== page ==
Self-driving vehicles have the potential to revolutionize transportation for all Americans and will be especially beneficial for the more than fifty-seven million Americans with a disability. This Note offers a primer on a rapidly-developing area of law and policy that will permanently alter how Americans interact with transportation. While public availability of autonomous vehicles is anticipated as early as next year, widespread use of these vehicles is likely at least a decade away. The lag between current-day prototypes and future widespread public availability provides lawmakers, self-driving vehicle manufacturers, and the disability community an important opportunity to work together to shape policy, vehicle design, and public opinion about the autonomous vehicle revolution.

The Americans with Disabilities Act of 1990 (ADA) “assure[s] equality of opportunity, full participation, independent living, and economic self-sufficiency for” people with disabilities. Almost three decades later, however, inaccessible transportation and lack of transportation options still remain significant barriers to full, equal access to and enjoyment of educational, employment, civic, social, and community opportunities by people with disabilities. This Note begins by describing the basics of autonomous vehicle technologies, how these technologies are progressing, and how they can be utilized by people with disabilities. Considering the needs of people with disabilities at every step of the way to full vehicle autonomy is crucial to ensuring an accessible transportation future. This Note explores some of the barriers to access of autonomous vehicles, such as the reluctance of transportation network companies Uber and Lyft to offer accessible transportation to riders with disabilities, as well as potentially discriminatory state licensing schemes for autonomous vehicle operation. The Note concludes by outlining the ways that state and federal regulation of autonomous vehicles could affect people with disabilities, assesses the impact of these regulations, and discusses proposed federal legislation and agency regulations that could reduce barriers to access considerably. Implicated in each of these issues and opportunities is the ADA, since it is the bedrock of disability civil rights in the United States and the primary means of enforcement against discrimination and exclusion.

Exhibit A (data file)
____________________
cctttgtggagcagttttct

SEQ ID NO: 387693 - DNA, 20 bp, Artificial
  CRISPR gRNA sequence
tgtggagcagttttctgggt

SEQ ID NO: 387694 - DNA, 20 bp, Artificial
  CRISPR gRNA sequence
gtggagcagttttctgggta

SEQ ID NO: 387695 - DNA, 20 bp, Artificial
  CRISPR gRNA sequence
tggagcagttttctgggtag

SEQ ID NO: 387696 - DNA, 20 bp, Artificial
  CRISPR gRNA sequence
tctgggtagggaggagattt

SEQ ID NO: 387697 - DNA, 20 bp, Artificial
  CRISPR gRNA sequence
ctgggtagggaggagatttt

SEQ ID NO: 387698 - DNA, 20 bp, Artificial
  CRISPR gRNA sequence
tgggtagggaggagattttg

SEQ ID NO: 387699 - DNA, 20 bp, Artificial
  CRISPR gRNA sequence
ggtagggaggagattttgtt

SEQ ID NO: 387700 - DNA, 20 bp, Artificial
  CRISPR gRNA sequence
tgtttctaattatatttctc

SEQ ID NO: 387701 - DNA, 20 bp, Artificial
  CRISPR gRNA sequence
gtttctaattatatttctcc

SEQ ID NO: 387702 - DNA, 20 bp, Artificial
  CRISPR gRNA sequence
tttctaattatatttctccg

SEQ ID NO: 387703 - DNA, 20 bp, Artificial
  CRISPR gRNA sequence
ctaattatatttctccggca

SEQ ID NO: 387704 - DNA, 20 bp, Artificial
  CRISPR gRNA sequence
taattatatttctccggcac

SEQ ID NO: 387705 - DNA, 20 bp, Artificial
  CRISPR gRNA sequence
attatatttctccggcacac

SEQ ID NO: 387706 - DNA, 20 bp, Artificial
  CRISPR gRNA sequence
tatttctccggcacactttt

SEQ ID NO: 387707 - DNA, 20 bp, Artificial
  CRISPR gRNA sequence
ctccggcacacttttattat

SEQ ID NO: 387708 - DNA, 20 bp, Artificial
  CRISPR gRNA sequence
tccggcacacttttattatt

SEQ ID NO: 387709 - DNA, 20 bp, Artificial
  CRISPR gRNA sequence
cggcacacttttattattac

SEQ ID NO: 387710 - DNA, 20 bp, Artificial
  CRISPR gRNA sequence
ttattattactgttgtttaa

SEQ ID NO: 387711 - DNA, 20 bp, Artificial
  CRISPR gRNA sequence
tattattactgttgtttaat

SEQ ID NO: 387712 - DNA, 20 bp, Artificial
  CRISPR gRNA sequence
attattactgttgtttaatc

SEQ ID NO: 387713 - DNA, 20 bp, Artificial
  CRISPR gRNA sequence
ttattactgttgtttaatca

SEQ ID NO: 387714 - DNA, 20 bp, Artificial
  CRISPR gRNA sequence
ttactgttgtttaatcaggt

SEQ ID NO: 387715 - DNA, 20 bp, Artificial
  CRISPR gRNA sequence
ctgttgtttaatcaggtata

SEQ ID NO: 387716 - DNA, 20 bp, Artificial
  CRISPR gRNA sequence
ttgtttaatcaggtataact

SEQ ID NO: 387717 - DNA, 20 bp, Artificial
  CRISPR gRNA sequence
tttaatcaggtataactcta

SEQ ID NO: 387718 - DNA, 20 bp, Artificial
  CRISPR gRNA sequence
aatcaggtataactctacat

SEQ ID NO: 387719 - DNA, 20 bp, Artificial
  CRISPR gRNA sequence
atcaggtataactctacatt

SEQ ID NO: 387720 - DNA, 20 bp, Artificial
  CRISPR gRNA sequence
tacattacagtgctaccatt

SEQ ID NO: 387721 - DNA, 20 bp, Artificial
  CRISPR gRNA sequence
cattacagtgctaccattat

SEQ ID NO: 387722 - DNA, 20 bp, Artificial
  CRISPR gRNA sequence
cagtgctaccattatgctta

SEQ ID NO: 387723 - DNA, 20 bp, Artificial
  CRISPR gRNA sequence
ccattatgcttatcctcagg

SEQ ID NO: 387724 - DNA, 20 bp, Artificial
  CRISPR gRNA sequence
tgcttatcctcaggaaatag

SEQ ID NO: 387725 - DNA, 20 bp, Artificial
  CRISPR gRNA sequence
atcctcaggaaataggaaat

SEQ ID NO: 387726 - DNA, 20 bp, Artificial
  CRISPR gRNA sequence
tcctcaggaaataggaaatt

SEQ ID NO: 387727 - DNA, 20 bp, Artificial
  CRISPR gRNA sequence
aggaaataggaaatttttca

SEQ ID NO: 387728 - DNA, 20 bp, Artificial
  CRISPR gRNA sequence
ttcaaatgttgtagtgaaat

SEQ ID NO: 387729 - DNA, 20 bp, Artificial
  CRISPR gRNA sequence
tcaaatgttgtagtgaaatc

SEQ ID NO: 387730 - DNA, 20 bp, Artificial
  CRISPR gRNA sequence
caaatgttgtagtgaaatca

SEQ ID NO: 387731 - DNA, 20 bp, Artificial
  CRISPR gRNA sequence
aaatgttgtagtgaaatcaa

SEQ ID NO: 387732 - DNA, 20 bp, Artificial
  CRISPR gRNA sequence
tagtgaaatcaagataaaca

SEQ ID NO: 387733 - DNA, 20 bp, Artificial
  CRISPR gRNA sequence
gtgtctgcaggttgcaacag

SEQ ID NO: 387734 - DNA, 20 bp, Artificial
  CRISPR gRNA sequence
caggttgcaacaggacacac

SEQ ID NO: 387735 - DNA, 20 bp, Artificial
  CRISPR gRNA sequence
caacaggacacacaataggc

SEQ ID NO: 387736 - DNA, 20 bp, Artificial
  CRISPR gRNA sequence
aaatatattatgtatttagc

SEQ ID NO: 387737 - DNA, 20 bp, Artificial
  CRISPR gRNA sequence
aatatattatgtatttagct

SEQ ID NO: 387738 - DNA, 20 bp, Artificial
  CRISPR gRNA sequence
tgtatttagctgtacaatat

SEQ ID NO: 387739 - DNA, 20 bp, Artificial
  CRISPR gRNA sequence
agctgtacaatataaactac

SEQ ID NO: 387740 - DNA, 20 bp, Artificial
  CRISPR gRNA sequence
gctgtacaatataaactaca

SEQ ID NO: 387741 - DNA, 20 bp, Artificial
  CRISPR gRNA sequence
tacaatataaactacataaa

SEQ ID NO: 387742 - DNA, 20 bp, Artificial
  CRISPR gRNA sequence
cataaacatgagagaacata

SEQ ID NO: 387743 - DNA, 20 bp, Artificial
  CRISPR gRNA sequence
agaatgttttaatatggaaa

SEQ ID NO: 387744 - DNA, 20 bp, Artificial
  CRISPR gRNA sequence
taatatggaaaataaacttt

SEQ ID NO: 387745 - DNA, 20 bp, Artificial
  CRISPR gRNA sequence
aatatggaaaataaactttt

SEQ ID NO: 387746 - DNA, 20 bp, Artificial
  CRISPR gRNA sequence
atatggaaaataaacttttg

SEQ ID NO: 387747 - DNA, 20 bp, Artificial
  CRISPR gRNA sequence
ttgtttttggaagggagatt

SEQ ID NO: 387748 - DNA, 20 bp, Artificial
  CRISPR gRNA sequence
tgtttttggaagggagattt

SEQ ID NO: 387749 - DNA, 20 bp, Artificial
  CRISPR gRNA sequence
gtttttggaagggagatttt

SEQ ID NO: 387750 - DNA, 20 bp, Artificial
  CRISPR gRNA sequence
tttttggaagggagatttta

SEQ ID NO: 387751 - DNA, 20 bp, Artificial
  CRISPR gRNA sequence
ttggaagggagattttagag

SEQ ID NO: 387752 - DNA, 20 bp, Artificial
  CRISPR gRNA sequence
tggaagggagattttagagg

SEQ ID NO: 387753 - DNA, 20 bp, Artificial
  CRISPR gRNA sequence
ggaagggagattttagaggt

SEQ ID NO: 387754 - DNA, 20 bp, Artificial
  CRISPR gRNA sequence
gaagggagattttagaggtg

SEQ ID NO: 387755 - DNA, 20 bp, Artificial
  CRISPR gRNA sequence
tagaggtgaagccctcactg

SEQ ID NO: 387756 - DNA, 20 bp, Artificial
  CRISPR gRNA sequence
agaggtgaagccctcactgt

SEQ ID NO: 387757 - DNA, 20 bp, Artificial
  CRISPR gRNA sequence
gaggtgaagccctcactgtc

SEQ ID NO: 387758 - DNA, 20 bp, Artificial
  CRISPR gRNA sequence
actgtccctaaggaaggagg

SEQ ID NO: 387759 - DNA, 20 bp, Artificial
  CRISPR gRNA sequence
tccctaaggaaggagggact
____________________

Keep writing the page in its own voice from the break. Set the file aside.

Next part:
As the United States enters a new age of transportation with the autonomous vehicle revolution, it is imperative that stakeholders in the disability community, the manufacturing sector, and the government work together to create a transportation future accessible to all Americans. The current U.S. transportation infrastructure is premised on an able-bodied, human driver approach to mobility, and laws and design standards reflect this. Autonomous vehicles, which require no human monitoring, can break away from this normative approach and offer accessible transportation options for the many Americans with disabilities unable to fully access the current transportation system and the opportunities it facilitates, but not without the concerted efforts of relevant stakeholders. Therefore, in order to enable access for Americans with disabilities, the laws and standards created within the next decade must be intentionally devised to ensure that self-driving vehicles are available to as many people as possible and accommodate the widest range of abilities possible. Though it is impossible to predict what America’s autonomous transportation future will look like, with intentional, inclusive collaboration by the government, manufacturers, and people with disabilities, this future can and should be accessible to all Americans.